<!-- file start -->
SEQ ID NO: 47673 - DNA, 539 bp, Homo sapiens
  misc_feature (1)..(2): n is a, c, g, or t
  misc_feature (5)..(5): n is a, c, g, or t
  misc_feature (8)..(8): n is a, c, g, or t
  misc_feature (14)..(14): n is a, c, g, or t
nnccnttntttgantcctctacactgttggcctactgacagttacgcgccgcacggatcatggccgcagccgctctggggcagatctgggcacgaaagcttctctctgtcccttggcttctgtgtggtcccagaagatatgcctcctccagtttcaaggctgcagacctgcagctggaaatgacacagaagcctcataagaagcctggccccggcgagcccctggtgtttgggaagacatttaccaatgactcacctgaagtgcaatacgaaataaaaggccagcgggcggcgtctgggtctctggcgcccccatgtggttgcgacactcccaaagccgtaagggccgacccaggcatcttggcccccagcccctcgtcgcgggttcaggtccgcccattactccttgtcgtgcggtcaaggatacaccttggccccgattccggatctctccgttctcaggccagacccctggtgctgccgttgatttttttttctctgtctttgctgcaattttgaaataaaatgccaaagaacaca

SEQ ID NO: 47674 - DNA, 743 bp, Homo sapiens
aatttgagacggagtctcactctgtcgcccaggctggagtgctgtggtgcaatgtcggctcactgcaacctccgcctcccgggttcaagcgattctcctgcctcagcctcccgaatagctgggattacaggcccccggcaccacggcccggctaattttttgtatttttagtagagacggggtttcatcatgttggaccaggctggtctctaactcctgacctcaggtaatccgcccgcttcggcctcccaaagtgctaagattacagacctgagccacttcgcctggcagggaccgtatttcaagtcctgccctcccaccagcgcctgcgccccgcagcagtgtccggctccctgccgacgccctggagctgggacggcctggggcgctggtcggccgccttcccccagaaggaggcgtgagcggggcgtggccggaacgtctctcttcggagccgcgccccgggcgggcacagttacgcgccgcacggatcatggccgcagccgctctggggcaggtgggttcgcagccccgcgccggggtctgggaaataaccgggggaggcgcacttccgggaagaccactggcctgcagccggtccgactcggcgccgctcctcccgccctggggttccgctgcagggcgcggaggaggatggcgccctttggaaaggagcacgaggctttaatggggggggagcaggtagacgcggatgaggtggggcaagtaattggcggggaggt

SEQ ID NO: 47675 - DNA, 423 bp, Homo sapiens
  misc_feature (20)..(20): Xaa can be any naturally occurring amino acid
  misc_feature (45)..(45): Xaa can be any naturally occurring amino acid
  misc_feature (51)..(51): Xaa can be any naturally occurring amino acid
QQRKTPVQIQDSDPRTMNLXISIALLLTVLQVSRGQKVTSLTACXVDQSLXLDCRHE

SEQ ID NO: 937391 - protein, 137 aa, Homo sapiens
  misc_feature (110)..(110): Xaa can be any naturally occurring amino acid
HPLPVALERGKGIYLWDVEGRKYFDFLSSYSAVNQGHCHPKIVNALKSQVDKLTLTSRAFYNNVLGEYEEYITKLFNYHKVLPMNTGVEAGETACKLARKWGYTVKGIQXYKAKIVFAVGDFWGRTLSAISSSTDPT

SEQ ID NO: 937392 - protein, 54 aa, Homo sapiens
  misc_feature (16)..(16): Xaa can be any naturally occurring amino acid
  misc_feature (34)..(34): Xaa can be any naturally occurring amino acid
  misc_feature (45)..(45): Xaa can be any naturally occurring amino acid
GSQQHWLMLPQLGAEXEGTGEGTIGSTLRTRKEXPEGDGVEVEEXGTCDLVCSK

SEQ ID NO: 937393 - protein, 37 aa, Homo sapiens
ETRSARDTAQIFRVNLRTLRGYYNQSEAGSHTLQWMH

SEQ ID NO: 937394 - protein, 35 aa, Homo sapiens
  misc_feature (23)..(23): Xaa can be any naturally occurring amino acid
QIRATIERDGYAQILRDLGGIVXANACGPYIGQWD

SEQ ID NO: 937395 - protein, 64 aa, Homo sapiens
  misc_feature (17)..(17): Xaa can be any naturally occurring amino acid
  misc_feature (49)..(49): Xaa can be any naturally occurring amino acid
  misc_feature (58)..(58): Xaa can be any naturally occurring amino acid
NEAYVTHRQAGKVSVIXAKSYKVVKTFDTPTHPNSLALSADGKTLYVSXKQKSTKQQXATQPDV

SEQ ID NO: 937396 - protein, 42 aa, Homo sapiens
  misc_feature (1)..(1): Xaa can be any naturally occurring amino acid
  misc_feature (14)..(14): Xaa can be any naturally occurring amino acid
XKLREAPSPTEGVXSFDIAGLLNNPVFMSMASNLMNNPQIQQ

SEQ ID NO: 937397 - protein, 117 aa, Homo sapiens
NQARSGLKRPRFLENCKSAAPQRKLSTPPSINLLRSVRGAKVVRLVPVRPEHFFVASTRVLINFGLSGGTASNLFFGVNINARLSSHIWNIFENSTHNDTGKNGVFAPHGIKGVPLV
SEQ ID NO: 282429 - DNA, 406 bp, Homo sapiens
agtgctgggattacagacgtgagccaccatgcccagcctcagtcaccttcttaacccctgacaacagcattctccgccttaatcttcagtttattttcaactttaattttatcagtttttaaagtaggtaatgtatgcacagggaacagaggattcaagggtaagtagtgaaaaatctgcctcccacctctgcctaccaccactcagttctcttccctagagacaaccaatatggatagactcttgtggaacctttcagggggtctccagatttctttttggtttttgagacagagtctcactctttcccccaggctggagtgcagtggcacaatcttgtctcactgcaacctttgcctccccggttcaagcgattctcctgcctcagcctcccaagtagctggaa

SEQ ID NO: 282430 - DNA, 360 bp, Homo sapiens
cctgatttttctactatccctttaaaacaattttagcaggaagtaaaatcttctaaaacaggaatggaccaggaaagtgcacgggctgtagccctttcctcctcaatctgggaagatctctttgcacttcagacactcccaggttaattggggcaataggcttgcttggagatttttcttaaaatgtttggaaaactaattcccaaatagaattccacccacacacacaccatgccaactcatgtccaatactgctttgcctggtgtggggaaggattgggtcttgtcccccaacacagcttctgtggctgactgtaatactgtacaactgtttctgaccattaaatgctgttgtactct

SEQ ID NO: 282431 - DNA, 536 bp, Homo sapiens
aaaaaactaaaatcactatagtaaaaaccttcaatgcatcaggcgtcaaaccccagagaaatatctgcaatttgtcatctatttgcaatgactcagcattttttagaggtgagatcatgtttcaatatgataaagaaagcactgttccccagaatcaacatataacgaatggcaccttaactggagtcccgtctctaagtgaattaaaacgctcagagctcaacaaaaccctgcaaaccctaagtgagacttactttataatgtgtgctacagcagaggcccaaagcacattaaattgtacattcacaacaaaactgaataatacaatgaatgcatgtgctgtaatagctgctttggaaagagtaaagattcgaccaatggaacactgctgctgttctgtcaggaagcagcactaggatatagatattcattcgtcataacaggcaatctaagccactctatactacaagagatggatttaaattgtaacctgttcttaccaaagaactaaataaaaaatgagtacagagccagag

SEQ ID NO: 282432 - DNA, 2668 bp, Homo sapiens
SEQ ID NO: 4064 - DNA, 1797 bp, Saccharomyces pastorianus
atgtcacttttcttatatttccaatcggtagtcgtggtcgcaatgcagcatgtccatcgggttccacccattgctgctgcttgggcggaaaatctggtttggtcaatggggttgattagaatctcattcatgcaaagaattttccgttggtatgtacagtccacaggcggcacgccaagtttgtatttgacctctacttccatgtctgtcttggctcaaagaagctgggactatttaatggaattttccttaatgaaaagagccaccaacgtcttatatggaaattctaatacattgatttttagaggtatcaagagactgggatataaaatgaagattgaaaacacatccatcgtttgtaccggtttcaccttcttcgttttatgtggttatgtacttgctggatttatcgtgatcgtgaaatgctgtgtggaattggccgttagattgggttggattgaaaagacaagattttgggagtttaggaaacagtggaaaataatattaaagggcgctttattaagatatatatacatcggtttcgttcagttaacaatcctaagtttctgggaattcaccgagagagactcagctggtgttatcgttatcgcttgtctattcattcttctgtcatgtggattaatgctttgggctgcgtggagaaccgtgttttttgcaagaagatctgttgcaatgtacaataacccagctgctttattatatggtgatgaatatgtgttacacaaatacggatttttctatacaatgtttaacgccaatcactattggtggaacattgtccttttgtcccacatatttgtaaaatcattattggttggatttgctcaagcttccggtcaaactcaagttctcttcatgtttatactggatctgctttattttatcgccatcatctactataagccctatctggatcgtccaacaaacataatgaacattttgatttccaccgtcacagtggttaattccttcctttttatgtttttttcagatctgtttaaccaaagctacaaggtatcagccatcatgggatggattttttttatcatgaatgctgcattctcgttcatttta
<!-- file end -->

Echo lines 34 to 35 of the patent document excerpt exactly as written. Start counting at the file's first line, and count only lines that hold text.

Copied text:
  misc_feature (14)..(14): Xaa can be any naturally occurring amino acid
XKLREAPSPTEGVXSFDIAGLLNNPVFMSMASNLMNNPQIQQ